The overall approach however has allowed us to implement an incredibly significant change to the way we operate and sell our flights and deliver it at massive scale without needing to implement much more than small refactorings in our core operational and retail systems. The low cost and massive scale of Azure has made the whole notion of experimenting with something so fundamental an achievable reality. This calculated risk has become a bet we can much more easily afford to make.

Most importantly it has massively reduced the cost of failure. We had to conduct a thorough trial. We couldn’t be sure that it would work. Whether it worked or not was primarily a business decision rather than a technical one.

Now that it has been successful we have delivered a solution that works technically, works operationally, works commercially, improves customer experience and transformed our enterprise. However, if it had not worked and we had needed to turn it all off and walk away, we could have done so without having incurred huge risk, technical debt or cost.


Canaries and Sealions…Czech it out !

Man, it has been a long time since I last blogged. I think I have had bloggers block or maybe I am just not cut out for blogging. Seriously, if someone asks me a question I can talk for England to Olympic standard. Really, any question, doesn’t even have to be something I know anyting about. But, faced with a blank blog post and an imaginary audience, I am really pushed to string two words together.
Anyhow, aside from failing to blog I have been up to my ass in Project Alligator and travelling a lot. I spent two weeks on Grand Canaria with no computer and no phone. I sat by the pool or on the beach and read 4.5 novels. Blissful. My holiday adventure was to take my whole family swimming with sealions. My two year old son has been obsessed with sealions ever since he saw a sealion show at Whipsnade Zoo and as Grand Canaria has a centre where they train sea lions for zoos all over the world it was too good an opportunity to miss.
I know people rave about swimming with dolphins, and I have never done that so I can’t compare the two, but I have to say that swimming with sealions is amazing. The first thing I found out about about the sealions we met was that they were not the Californian sealions I was expecting. They were Patagonian sealions. These guys grow up to 8.5 feet tall and weigh in at over 650 lb. The second thing I learned is that the sealion is actually a bear (or a member of the bear family) and when one stands up in the water next to you, you don’t doubt it for a second. Thirdly, as one of the sealions demonstrated, they are amazingly strong and agile on land (unlike seals). Buzby, the sealion in question, was able to lift his whole 600 lb weight into the air on a single front flipper (effectively doing a one-handed handstand) with amazing ease. Lastly, they are, if well treated, gentle, playful, good natured and friendly.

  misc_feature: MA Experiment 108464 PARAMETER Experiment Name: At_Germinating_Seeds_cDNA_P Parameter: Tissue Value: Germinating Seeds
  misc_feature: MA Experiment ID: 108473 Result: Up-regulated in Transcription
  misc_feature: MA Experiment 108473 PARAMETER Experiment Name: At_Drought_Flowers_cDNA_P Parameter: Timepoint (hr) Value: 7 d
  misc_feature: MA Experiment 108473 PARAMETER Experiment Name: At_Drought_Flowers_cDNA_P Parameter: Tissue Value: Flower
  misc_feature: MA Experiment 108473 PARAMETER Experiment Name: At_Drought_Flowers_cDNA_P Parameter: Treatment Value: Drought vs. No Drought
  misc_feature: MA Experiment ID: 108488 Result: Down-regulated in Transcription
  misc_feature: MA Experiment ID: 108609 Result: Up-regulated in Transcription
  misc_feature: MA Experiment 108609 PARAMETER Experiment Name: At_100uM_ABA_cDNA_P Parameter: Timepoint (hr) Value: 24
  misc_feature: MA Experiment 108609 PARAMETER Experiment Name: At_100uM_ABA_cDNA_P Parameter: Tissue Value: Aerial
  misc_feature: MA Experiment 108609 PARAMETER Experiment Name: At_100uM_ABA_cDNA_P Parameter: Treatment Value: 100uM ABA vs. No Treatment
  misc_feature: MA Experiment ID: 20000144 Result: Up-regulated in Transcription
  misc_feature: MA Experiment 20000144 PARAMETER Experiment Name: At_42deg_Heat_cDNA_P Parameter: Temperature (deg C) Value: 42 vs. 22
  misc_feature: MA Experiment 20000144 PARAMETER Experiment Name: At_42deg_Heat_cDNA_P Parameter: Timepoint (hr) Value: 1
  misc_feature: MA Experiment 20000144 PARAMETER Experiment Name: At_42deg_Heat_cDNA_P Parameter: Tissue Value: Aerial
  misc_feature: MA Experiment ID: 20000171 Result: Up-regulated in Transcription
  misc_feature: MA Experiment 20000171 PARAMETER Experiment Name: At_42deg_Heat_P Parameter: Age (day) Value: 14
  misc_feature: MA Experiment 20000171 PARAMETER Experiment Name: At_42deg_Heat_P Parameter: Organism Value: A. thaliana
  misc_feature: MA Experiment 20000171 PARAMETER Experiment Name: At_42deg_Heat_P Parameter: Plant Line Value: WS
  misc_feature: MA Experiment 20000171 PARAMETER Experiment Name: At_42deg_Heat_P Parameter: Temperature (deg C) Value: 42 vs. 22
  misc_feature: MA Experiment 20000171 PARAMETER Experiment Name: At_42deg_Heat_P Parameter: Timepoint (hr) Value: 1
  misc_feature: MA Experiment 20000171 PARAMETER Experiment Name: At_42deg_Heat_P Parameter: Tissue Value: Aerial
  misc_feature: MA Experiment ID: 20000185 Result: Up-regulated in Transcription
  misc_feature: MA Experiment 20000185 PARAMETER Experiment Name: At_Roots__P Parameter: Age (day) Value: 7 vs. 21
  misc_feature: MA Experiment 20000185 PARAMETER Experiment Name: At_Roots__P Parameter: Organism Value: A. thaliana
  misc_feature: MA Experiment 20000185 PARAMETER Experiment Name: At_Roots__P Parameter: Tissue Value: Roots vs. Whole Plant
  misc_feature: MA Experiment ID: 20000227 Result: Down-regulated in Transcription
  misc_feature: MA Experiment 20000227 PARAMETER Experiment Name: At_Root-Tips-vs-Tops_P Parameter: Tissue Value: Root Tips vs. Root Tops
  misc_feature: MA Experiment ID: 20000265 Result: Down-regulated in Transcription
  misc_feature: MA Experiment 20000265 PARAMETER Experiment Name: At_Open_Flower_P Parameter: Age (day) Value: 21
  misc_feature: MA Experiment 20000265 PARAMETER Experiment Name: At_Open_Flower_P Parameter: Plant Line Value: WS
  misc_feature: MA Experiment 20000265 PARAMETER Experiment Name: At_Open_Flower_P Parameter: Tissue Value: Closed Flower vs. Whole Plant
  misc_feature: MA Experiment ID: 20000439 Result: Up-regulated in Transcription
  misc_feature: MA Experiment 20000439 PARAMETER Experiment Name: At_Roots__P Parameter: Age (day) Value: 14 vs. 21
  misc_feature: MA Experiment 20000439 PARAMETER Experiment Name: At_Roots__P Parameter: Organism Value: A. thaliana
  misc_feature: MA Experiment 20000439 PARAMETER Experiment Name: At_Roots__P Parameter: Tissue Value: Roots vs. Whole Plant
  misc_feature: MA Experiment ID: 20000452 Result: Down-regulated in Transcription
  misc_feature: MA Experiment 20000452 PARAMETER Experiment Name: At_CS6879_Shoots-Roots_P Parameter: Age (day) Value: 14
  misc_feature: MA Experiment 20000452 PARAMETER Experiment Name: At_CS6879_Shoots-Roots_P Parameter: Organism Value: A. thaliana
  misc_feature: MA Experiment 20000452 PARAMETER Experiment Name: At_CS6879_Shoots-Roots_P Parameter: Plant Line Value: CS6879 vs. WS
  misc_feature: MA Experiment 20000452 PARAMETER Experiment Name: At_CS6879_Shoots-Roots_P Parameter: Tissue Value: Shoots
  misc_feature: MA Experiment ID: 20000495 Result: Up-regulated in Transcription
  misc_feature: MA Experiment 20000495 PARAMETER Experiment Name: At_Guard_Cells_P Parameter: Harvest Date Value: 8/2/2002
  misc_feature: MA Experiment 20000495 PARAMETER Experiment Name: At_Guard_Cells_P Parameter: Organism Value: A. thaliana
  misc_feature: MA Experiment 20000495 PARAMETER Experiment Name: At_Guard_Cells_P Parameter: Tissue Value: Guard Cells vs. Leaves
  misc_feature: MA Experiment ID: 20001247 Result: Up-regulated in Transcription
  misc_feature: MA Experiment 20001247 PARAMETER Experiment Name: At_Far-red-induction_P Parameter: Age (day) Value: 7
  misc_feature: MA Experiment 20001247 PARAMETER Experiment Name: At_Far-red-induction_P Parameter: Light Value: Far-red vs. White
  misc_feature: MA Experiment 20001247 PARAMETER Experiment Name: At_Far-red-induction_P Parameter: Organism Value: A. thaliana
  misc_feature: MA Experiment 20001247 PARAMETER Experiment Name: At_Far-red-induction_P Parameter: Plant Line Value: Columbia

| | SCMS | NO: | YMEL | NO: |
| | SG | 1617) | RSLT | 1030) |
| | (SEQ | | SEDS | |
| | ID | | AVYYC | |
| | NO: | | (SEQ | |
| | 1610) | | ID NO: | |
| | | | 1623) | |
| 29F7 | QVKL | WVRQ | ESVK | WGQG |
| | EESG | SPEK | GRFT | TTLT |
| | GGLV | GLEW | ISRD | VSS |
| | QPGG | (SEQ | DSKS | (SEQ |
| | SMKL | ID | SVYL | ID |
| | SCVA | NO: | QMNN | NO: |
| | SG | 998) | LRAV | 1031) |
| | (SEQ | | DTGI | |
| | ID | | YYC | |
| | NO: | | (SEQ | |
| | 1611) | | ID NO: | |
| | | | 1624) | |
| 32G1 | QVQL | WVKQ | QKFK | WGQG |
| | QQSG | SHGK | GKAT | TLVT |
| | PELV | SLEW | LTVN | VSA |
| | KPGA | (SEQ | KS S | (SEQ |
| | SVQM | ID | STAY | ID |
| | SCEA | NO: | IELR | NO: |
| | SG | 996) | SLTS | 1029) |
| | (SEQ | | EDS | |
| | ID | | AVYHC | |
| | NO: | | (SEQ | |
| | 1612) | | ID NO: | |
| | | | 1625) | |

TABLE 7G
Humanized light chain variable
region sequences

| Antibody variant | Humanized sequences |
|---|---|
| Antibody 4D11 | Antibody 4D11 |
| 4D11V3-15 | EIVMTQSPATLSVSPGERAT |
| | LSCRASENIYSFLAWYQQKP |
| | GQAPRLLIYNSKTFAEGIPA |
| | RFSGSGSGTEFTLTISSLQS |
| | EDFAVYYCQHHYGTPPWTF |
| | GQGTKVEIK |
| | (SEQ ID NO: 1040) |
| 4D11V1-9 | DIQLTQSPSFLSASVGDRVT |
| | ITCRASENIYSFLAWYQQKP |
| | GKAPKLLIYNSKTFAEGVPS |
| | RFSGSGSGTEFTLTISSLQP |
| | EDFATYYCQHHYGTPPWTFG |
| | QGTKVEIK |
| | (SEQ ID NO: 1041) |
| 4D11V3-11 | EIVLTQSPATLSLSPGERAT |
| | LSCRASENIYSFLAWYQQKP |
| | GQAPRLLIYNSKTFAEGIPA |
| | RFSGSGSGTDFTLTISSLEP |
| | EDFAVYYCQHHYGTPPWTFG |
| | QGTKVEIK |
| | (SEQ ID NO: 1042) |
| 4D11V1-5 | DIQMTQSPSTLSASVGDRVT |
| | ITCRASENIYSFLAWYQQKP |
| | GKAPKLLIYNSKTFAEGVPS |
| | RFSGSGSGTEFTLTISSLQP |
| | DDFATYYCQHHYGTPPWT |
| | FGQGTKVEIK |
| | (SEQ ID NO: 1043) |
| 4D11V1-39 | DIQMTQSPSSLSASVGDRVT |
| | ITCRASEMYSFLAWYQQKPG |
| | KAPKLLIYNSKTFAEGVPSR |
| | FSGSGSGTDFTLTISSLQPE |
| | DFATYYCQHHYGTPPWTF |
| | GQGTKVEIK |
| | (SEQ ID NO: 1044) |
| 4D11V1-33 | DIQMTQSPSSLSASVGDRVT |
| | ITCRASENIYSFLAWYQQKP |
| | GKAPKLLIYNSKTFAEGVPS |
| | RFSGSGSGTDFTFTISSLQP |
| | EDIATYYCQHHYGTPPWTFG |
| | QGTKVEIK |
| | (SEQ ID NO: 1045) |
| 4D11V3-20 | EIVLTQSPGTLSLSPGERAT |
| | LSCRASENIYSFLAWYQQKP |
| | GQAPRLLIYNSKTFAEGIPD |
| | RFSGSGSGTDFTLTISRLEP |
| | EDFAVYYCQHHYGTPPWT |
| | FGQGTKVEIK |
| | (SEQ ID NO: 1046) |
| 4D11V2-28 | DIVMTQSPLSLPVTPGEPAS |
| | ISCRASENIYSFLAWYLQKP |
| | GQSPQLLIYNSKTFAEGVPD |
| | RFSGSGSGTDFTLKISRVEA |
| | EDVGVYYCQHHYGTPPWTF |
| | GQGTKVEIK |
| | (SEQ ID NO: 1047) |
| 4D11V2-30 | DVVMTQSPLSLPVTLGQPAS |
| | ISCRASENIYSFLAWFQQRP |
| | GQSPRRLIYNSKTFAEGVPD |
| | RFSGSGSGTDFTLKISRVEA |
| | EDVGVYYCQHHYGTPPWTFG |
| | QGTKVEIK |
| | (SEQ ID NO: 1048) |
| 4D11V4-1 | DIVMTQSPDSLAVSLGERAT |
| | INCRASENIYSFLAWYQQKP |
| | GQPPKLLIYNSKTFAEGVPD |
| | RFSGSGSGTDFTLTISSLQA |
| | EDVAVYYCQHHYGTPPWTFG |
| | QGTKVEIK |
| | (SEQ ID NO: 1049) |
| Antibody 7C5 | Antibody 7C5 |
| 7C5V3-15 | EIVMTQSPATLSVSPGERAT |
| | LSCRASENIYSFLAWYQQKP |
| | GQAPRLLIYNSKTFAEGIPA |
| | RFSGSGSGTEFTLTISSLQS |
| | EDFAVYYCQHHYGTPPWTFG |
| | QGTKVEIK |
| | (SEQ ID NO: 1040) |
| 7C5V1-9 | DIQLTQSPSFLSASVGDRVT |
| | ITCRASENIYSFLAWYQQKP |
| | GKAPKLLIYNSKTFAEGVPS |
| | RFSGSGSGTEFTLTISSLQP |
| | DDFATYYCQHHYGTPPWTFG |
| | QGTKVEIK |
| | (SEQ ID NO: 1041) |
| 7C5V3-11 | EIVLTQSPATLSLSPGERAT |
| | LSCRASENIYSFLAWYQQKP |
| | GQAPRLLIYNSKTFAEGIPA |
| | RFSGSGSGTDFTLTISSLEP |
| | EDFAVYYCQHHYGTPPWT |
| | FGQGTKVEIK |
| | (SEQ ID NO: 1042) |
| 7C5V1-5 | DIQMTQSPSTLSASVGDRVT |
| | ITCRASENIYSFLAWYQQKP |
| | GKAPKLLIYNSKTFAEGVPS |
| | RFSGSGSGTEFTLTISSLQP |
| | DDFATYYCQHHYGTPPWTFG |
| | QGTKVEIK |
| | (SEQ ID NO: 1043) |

I have also been to Prague for two days out of each of the last 5 weeks. Part of my project has been sub-contracted to a development team out in Prague so I have been oiling the wheels of integration. Still, they are a great bunch of people so it has not been a chore at all.
Prague is a great city. If you ever have an evening to kill there I can really recommend Ambiente which is at Celetna 11 just off the old town square. There are several Ambiente restaurants in Prague but this is my favourite and it is as good an Italian restautant as I have been to anywhere in the world. It looks like a tiny doorway at street level but don’t be put off. The passage beyond leads you to staircases that take you down into catacombs that must be as old as the city itself and these have been stylishly brought to life as a first class restaurant. This restaurant is very popular so book in advance if you can. If not the excellent staff will always try to find a way to squeeze you in.
Once you are done there, wander round the corner to the Ungelt. This is the area behind the medieval church and its name means tax. This was where all goods sold in medieval Prague had to be brought to be taxed. Like the worlds oldest bonded warehouse. Anyway, yet more catacombs hold the Ungelt Jazz & Blues Club which is open every night from 8pm til midnight. The band generally goes on about 9pm and it is absolutely fantastic. Tiny, cramped, silghtly wierd…but fantastic. The sign outside the toilets reads “Big funny toilets”. They aren’t big or funny. Those crazy Czechs !